Day 1158

(Ex-)Congressman Michael G. Grimm

March 2nd, 2015

In April of last year, then-Representative Michael "I'll break you in half — like a boy" Grimm, a former FBI agent and Marine, was indicted in federal court on a slew of charges stemming from his pre-Congressional stint as a health-food restaurateur. He was accused of underreporting wages and revenue and hiring undocumented workers at his terribly named Upper East Side restaurant, Healthalicious (slogan: "better than delicious"), as well as lying under oath in a lawsuit brought by restaurant employees.

Despite his legal troubles, Grimm decided to run for re-election in November, leading some to speculate that he was seeking another term largely so that he could then offer to resign as part of a plea bargain. Even with all the controversy swirling around him, he handily won re-election in a truly pitiful contest over a truly pitiful opponent, Domenic Recchia. One voter told the NY Times: "Everybody is kind of counting on Grimm getting convicted and then maybe there will be a special election . . . And maybe we’ll have better choices."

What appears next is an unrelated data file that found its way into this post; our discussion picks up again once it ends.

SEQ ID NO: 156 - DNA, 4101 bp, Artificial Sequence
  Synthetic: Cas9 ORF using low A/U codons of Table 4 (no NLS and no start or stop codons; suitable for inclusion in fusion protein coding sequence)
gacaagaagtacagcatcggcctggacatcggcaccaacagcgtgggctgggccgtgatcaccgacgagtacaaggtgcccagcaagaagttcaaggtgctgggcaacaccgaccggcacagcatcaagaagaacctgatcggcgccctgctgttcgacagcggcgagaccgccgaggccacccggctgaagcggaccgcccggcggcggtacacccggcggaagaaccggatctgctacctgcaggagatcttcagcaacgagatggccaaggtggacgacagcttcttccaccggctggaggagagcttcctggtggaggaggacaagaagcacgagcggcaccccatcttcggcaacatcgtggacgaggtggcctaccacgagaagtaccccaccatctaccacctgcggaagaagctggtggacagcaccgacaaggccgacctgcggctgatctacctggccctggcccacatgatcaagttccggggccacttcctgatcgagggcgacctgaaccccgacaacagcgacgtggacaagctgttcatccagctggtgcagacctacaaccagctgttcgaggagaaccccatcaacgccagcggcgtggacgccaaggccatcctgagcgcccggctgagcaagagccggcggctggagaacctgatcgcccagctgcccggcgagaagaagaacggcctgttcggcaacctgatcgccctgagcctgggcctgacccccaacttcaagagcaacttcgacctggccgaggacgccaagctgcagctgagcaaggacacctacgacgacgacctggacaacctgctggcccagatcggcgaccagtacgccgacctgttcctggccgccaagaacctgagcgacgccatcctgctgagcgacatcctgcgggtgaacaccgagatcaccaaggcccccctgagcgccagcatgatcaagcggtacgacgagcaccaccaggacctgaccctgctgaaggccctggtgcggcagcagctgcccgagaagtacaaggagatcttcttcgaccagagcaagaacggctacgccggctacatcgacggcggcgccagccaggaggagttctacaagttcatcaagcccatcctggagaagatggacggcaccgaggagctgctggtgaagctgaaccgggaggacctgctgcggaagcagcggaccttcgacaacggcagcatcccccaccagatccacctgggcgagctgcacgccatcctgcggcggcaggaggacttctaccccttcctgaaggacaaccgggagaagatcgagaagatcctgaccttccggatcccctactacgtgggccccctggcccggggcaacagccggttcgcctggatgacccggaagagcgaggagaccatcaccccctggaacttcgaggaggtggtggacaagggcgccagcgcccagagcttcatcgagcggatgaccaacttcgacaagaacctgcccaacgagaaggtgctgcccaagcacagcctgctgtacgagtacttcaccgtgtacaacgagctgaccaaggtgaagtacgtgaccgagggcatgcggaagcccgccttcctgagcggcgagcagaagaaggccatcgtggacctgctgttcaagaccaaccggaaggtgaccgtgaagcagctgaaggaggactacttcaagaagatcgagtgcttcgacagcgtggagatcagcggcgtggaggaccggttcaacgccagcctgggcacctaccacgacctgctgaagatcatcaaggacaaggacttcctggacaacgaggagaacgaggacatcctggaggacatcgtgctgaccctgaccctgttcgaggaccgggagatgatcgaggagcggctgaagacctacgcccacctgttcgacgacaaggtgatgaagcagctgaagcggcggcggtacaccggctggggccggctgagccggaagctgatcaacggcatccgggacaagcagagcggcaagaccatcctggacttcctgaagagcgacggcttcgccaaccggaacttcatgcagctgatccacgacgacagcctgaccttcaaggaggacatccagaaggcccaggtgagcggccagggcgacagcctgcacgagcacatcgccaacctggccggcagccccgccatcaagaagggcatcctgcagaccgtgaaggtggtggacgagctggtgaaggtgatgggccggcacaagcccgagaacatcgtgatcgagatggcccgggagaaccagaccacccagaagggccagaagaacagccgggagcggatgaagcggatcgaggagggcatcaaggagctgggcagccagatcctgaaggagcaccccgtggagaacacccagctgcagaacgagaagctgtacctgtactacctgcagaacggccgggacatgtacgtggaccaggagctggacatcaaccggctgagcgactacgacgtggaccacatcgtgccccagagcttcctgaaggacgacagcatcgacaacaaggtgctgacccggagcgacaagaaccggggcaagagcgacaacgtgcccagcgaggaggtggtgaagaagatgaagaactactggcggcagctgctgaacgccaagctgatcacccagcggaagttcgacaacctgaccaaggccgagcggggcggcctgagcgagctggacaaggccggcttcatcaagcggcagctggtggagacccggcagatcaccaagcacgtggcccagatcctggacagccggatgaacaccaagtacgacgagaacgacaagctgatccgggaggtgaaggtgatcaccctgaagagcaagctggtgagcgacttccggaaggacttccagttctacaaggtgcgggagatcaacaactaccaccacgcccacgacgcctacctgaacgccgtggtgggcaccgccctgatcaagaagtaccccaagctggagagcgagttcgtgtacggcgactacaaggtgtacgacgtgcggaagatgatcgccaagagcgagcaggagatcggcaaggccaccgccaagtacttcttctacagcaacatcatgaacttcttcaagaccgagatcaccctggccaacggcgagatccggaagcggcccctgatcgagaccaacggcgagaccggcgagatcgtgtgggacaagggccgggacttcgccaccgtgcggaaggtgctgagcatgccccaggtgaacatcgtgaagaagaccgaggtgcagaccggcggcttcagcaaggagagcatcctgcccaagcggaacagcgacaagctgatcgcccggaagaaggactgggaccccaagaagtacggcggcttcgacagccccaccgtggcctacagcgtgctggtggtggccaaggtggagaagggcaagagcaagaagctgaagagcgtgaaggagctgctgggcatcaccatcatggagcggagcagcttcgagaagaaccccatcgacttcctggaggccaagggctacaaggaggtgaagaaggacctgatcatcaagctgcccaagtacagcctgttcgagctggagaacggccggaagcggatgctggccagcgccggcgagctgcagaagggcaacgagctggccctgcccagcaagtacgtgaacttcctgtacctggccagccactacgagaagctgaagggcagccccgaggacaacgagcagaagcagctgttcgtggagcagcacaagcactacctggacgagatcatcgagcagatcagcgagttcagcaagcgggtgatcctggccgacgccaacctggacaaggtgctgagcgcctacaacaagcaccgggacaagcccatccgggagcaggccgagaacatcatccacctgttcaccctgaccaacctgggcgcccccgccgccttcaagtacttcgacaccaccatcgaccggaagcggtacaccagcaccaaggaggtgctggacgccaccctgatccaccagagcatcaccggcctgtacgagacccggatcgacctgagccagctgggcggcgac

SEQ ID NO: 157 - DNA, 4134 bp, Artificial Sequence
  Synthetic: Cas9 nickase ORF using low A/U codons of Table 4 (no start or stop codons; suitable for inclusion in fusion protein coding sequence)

On December 23, a few weeks after his victory, Grimm pleaded guilty to one felony charge of tax fraud while also acknowledging that he had committed perjury and wire fraud and hired illegal immigrants, but he nevertheless vowed not to step down from Congress. Less than a week later, however, after meeting with House Speaker John Boehner, he announced that he would be resigning effective January 5, having served not even a day of his new term. Now it's early March and his former district office here on New Dorp Lane still looks the same as ever (compare: September 2012, March 2015), even though it's been nearly two months since one could accurately describe Michael G. Grimm as "Congressman".

UPDATE (Oct. 31, 2015): Dan Donovan, the Staten Island district attorney whose office handled the controversial (because it didn't produce an indictment) grand jury inquiry into the death of Eric Garner at the hands of the police, was selected by the voters in May to replace Grimm in Congress, and he has since taken over Grimm's old district office on New Dorp Lane. In July, Grimm was sentenced to eight months in prison, with the judge telling him: "Your moral compass, Mr. Grimm, needs some reorientation." He started serving his sentence in September at a minimum-security prison camp in western Pennsylvania.

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